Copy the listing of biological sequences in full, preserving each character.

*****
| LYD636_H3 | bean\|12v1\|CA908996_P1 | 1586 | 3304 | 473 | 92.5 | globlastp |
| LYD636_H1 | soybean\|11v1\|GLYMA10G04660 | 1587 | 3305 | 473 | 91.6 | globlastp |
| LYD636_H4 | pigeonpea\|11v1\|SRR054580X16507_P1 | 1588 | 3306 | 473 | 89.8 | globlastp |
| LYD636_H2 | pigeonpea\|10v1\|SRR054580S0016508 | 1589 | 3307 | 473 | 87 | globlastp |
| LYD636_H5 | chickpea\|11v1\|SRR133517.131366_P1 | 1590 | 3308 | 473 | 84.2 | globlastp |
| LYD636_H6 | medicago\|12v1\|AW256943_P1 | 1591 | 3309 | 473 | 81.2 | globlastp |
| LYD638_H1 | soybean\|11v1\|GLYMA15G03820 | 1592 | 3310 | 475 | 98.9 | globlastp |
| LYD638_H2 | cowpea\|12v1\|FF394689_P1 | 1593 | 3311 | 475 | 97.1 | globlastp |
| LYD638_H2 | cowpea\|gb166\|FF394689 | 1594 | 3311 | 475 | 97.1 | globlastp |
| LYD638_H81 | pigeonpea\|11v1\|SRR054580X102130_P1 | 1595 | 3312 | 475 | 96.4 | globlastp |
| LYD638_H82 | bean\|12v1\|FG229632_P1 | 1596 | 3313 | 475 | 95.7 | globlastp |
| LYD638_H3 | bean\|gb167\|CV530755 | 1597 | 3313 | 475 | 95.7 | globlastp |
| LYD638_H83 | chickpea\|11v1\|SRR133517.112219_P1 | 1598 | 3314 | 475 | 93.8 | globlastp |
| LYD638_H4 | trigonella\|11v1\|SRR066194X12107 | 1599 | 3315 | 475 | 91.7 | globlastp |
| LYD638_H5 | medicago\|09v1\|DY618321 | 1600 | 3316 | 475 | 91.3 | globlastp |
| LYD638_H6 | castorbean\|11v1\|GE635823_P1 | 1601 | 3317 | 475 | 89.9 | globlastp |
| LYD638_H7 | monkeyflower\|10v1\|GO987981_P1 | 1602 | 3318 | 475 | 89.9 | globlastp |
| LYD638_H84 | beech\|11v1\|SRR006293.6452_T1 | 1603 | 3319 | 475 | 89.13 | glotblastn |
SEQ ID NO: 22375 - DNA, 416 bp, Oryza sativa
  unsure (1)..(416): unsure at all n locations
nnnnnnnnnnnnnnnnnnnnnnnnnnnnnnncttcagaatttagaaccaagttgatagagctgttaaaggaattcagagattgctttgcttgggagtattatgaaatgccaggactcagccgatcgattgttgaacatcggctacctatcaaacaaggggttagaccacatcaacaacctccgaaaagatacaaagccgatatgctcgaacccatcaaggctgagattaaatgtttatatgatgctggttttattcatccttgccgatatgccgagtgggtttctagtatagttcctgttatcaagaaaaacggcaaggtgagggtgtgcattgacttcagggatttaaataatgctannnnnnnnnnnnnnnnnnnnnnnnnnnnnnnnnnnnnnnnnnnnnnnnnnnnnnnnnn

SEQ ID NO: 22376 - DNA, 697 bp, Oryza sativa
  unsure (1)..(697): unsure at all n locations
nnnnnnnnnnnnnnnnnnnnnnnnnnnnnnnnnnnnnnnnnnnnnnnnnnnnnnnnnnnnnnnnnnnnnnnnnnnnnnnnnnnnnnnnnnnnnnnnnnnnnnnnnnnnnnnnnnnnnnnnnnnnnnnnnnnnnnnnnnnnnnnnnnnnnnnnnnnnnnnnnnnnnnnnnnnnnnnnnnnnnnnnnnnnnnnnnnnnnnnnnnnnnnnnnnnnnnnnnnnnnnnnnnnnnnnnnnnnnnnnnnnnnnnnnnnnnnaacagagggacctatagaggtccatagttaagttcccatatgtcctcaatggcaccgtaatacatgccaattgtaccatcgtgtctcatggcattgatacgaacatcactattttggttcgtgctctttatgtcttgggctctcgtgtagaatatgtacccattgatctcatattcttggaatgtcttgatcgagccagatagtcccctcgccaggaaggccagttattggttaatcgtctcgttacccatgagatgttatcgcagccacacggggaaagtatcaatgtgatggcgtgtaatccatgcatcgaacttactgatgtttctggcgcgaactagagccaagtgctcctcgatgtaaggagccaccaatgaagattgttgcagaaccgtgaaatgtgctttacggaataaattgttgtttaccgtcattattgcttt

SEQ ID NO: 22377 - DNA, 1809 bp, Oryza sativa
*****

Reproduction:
| LYD636_H3 | bean\|12v1\|CA908996_P1 | 1586 | 3304 | 473 | 92.5 | globlastp |
| LYD636_H1 | soybean\|11v1\|GLYMA10G04660 | 1587 | 3305 | 473 | 91.6 | globlastp |
| LYD636_H4 | pigeonpea\|11v1\|SRR054580X16507_P1 | 1588 | 3306 | 473 | 89.8 | globlastp |
| LYD636_H2 | pigeonpea\|10v1\|SRR054580S0016508 | 1589 | 3307 | 473 | 87 | globlastp |
| LYD636_H5 | chickpea\|11v1\|SRR133517.131366_P1 | 1590 | 3308 | 473 | 84.2 | globlastp |
| LYD636_H6 | medicago\|12v1\|AW256943_P1 | 1591 | 3309 | 473 | 81.2 | globlastp |
| LYD638_H1 | soybean\|11v1\|GLYMA15G03820 | 1592 | 3310 | 475 | 98.9 | globlastp |
| LYD638_H2 | cowpea\|12v1\|FF394689_P1 | 1593 | 3311 | 475 | 97.1 | globlastp |
| LYD638_H2 | cowpea\|gb166\|FF394689 | 1594 | 3311 | 475 | 97.1 | globlastp |
| LYD638_H81 | pigeonpea\|11v1\|SRR054580X102130_P1 | 1595 | 3312 | 475 | 96.4 | globlastp |
| LYD638_H82 | bean\|12v1\|FG229632_P1 | 1596 | 3313 | 475 | 95.7 | globlastp |
| LYD638_H3 | bean\|gb167\|CV530755 | 1597 | 3313 | 475 | 95.7 | globlastp |
| LYD638_H83 | chickpea\|11v1\|SRR133517.112219_P1 | 1598 | 3314 | 475 | 93.8 | globlastp |
| LYD638_H4 | trigonella\|11v1\|SRR066194X12107 | 1599 | 3315 | 475 | 91.7 | globlastp |
| LYD638_H5 | medicago\|09v1\|DY618321 | 1600 | 3316 | 475 | 91.3 | globlastp |
| LYD638_H6 | castorbean\|11v1\|GE635823_P1 | 1601 | 3317 | 475 | 89.9 | globlastp |
| LYD638_H7 | monkeyflower\|10v1\|GO987981_P1 | 1602 | 3318 | 475 | 89.9 | globlastp |
| LYD638_H84 | beech\|11v1\|SRR006293.6452_T1 | 1603 | 3319 | 475 | 89.13 | glotblastn |
SEQ ID NO: 22375 - DNA, 416 bp, Oryza sativa
  unsure (1)..(416): unsure at all n locations
nnnnnnnnnnnnnnnnnnnnnnnnnnnnnnncttcagaatttagaaccaagttgatagagctgttaaaggaattcagagattgctttgcttgggagtattatgaaatgccaggactcagccgatcgattgttgaacatcggctacctatcaaacaaggggttagaccacatcaacaacctccgaaaagatacaaagccgatatgctcgaacccatcaaggctgagattaaatgtttatatgatgctggttttattcatccttgccgatatgccgagtgggtttctagtatagttcctgttatcaagaaaaacggcaaggtgagggtgtgcattgacttcagggatttaaataatgctannnnnnnnnnnnnnnnnnnnnnnnnnnnnnnnnnnnnnnnnnnnnnnnnnnnnnnnnn

SEQ ID NO: 22376 - DNA, 697 bp, Oryza sativa
  unsure (1)..(697): unsure at all n locations
nnnnnnnnnnnnnnnnnnnnnnnnnnnnnnnnnnnnnnnnnnnnnnnnnnnnnnnnnnnnnnnnnnnnnnnnnnnnnnnnnnnnnnnnnnnnnnnnnnnnnnnnnnnnnnnnnnnnnnnnnnnnnnnnnnnnnnnnnnnnnnnnnnnnnnnnnnnnnnnnnnnnnnnnnnnnnnnnnnnnnnnnnnnnnnnnnnnnnnnnnnnnnnnnnnnnnnnnnnnnnnnnnnnnnnnnnnnnnnnnnnnnnnnnnnnnnnaacagagggacctatagaggtccatagttaagttcccatatgtcctcaatggcaccgtaatacatgccaattgtaccatcgtgtctcatggcattgatacgaacatcactattttggttcgtgctctttatgtcttgggctctcgtgtagaatatgtacccattgatctcatattcttggaatgtcttgatcgagccagatagtcccctcgccaggaaggccagttattggttaatcgtctcgttacccatgagatgttatcgcagccacacggggaaagtatcaatgtgatggcgtgtaatccatgcatcgaacttactgatgtttctggcgcgaactagagccaagtgctcctcgatgtaaggagccaccaatgaagattgttgcagaaccgtgaaatgtgctttacggaataaattgttgtttaccgtcattattgcttt

SEQ ID NO: 22377 - DNA, 1809 bp, Oryza sativa